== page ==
IMAGE First Light Movies and Images


[HENA image] Energetic Neutral Atom image of a storm cloud of energetic particles from the High Energy Neutral Atom Imager instrument. Red colors indicate the highest intensity of incoming particles, blue represents the lowest. We are looking from the sun towards the Earth, viewing the cloud beyond the Earth on the night side. This is a selected frame from a sequence which is available as a quicktime movie.

0.9 Mb TIFF Version of the Image

Quicktime Movie (1.9 Mb)



[Empire State Building image] The Radio Plasma Imager (RPI) on IMAGE is the first-of-its-kind instrument designed to study the dynamics of the magnetosphere by using radar techniques. In order to generate very low frequency radio waves and to receive the resulting echoes, RPI uses very long dipole antennas. IMAGE has 2 spin-plane dipole antennas (along the spacecraft X and Y axis) and one spin-axis dipole antenna (along the spacecraft Z axis). The X and Y axis antennas are 1647 ft or 500 meters tip-to-tip each. These antennas are 182 ft longer than the height of the Empire State Building, making the IMAGE spacecraft the largest dipole antenna system currently in space. The IMAGE spin-axis dipole antenna is about 66 feet long or 20 meters tip-to-tip in length (not shown). The octagon shaped IMAGE spacecraft measures 7.4 ft in diameter by 4.9 ft in height with the antennas retracted, and weighs 1,089 lbs. This is a selected frame from a sequence which is available as a quicktime movie.

2.7 Mb TIFF Version of the Image

Quicktime Movie (0.1 Mb)



[Plasmasphere echoes image] Depth sounding of the tenuous extension of the Earth's upper ionosphere about 20,000 kilometers into space around the Earth, called the plamasphere, using the Radio Plasma Imager instrument. The green traces correspond to echoes from the plasmasphere at varying depths.

0.5 Mb TIFF Version of the Image



[Plasmasphere image] Ultraviolet image of sunlight scattered from the Earth's extended atmosphere of helium using the Extreme Ultraviolet Imager instrument. This image shows that the ionized helium atmosphere extends to about 2 - 3 times the size of the Earth. Irregularities at the fringe of the image, such as the upper left, indicate magnetic storm activity. This is the first time such features have been imaged. This is a selected frame from a sequence which is available as a quicktime movie.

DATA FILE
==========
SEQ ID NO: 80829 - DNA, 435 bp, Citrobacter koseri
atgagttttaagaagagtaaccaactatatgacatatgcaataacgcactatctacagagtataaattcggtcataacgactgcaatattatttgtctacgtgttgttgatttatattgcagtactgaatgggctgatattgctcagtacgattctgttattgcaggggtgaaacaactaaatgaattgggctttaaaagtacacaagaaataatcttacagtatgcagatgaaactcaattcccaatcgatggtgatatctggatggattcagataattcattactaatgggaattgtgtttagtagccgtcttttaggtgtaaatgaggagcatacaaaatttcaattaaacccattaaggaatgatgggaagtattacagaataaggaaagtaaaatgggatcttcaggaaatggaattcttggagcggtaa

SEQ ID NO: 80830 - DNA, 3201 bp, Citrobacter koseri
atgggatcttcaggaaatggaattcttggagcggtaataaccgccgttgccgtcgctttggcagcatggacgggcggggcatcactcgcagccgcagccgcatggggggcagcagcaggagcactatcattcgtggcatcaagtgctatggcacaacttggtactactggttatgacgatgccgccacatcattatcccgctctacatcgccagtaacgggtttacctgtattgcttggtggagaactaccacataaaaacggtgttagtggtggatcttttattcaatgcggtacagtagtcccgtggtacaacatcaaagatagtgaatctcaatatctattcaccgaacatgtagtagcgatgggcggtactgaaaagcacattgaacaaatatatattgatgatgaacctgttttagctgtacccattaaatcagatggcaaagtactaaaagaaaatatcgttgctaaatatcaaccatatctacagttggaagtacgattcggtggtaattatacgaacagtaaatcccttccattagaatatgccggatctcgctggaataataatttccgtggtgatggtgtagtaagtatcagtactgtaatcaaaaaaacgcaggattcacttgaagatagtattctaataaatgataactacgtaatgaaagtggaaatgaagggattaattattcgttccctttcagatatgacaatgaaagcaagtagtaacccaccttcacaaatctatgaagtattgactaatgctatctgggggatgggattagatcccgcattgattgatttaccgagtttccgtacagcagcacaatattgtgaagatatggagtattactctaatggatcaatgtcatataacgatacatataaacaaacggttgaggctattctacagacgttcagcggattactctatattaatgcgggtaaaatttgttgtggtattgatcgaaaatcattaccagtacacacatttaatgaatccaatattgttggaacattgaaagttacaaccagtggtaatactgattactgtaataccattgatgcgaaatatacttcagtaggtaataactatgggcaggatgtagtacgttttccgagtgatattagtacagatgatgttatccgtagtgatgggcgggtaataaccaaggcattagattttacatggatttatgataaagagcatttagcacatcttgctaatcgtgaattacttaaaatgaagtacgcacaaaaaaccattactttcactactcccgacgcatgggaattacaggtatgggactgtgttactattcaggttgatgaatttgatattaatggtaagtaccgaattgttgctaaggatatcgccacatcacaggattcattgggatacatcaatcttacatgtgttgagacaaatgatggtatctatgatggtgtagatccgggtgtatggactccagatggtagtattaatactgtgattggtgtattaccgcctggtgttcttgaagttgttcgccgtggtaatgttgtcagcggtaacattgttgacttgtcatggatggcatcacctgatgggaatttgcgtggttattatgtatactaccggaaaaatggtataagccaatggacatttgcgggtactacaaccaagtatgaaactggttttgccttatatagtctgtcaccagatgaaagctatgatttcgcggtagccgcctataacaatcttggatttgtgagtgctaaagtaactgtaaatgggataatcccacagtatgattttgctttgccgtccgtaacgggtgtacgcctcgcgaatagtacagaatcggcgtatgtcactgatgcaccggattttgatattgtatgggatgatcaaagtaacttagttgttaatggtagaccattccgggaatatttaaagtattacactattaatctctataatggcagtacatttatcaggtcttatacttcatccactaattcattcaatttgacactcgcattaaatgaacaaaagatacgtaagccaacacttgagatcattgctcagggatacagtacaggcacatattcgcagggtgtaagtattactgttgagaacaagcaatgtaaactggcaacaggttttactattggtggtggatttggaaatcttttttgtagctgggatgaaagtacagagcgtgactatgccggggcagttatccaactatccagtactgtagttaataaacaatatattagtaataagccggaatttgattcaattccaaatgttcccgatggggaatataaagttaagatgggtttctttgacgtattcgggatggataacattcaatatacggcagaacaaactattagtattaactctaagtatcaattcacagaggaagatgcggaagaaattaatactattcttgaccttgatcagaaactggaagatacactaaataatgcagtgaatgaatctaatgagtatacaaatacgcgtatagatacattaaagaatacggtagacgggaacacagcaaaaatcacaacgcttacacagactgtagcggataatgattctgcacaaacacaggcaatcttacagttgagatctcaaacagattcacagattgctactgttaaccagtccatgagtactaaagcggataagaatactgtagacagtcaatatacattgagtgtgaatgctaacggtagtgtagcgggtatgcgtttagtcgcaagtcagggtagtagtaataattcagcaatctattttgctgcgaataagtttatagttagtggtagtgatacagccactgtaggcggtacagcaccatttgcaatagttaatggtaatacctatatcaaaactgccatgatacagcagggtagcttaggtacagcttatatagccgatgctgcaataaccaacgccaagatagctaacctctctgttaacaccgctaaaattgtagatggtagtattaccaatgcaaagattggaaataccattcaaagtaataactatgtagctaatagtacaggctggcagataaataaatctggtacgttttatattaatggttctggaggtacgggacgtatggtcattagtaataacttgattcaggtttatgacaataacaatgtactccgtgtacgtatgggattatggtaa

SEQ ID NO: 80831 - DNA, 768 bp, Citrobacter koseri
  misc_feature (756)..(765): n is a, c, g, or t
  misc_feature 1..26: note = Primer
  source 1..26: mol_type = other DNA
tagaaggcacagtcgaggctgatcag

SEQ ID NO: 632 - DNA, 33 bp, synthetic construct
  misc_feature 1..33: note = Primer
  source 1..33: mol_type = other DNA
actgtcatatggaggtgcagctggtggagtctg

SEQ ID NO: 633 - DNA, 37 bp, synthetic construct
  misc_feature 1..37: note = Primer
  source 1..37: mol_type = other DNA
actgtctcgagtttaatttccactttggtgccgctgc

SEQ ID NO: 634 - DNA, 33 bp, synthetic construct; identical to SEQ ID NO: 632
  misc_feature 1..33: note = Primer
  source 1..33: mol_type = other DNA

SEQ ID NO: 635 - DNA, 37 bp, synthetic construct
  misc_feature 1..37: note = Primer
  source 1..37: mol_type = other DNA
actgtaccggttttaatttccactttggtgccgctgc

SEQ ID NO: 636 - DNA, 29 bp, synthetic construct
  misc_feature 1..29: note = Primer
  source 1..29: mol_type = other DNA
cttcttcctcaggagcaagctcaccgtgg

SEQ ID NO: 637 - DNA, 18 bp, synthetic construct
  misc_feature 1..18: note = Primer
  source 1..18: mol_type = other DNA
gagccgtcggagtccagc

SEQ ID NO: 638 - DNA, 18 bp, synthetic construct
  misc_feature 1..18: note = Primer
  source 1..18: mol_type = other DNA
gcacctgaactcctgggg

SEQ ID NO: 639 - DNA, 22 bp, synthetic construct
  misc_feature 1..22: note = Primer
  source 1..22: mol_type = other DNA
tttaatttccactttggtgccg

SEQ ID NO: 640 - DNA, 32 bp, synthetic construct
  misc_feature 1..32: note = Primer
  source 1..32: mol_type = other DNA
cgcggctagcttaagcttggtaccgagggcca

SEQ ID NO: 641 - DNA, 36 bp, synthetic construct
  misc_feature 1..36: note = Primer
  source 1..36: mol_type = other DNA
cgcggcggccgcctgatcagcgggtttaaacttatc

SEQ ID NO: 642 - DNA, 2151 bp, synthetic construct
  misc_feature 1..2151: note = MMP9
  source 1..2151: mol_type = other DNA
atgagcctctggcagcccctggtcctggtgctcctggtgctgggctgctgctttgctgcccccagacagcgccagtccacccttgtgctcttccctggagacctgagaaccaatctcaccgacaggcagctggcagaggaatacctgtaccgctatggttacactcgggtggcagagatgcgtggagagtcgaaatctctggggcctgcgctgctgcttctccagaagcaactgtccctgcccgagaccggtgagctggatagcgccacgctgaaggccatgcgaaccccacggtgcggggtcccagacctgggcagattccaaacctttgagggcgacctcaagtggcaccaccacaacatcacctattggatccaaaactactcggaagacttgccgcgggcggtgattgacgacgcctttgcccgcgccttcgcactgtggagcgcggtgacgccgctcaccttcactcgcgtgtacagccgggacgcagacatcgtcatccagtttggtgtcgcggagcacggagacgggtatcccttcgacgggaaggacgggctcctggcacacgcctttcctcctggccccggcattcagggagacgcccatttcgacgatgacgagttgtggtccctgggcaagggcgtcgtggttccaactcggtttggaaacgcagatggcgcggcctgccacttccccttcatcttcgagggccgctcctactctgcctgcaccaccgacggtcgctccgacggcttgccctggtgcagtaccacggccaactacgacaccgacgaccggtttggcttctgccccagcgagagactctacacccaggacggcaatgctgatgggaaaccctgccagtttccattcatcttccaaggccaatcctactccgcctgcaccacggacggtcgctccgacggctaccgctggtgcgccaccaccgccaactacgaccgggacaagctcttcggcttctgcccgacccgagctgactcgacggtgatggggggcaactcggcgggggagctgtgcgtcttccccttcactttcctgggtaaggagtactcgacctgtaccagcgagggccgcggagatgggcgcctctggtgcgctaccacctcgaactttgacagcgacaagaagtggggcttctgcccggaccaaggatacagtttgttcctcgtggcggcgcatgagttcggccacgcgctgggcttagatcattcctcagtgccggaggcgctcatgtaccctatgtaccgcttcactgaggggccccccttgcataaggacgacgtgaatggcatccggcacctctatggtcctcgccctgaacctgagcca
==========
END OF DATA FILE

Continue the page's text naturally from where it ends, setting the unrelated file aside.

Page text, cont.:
3.6 Mb TIFF Version of the Image

Quicktime Movie (1.6 Mb)



[EUV aurora image] Ultraviolet image of the aurora at the peak of a small space storm using the Extreme Ultraviolet (EUV) Imager instrument on IMAGE. Brighter green corresponds to brighter auroral light. The view is towards the earth's night side, and the detailed, highly turbulent region near midnight reveals storm activity in the magnetic field surrounding Earth. This is a selected frame from a sequence which is available as a quicktime movie.

3.6 Mb TIFF Version of the Image

Quicktime Movie (1.6 Mb)



[Aurora substorm image] Aurora are caused by the interaction of precipitating charged particles (electrons and ions) with the neutral gases of our atmosphere. Light from the Earth's aurora occur principally in two oval-shaped bands lying between ~65 and 75 degrees magnetic latitude and centered on the northern (aurora borealis) and southern (aurora australis) magnetic poles. IMAGE observes the aurora in several important wavelengths and has captured its first geomagnetic substorm. These observations are caused by precipitating electrons. This is a selected frame from a sequence which is available as a quicktime movie.

240 kb TIFF Version of the Image

Quicktime Movie (1.0 Mb)



[Proton aurora image] Auroral emissions are excited principally by electron precipitation. We know that some of the auroral emissions are produced by precipitating protons but up until now have never observed a "proton aurora" from space. IMAGE is the first spacecraft to measure the proton aurora.

2.8 Mb TIFF Version of the Image



[Proton/electron aurora comparison image] With IMAGE we can now simultaneously observe the proton and electron induced aurora. The image of the aurora on the left is from precipitating protons, in the center from precipitating electrons, and on the right from combined protons and electrons. The overlay to the right shows green where the electron aurora dominates, red where the proton aurora dominates, and yellow where both are comparable.

921 kb TIFF Version of the Image



IMAGE First Light Press Release

IMAGE Press Release Page

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Curators

Dr. E. V. Bell, II, ed.bell@nasa.gov, +1-301-286-1187
NSSDC, Mail Code 690.1, NASA Goddard Space Flight Center, Greenbelt, MD 20771
NASA Official: Dr. Ed Grayzeck Rev. 1.0.2, 05 June 2000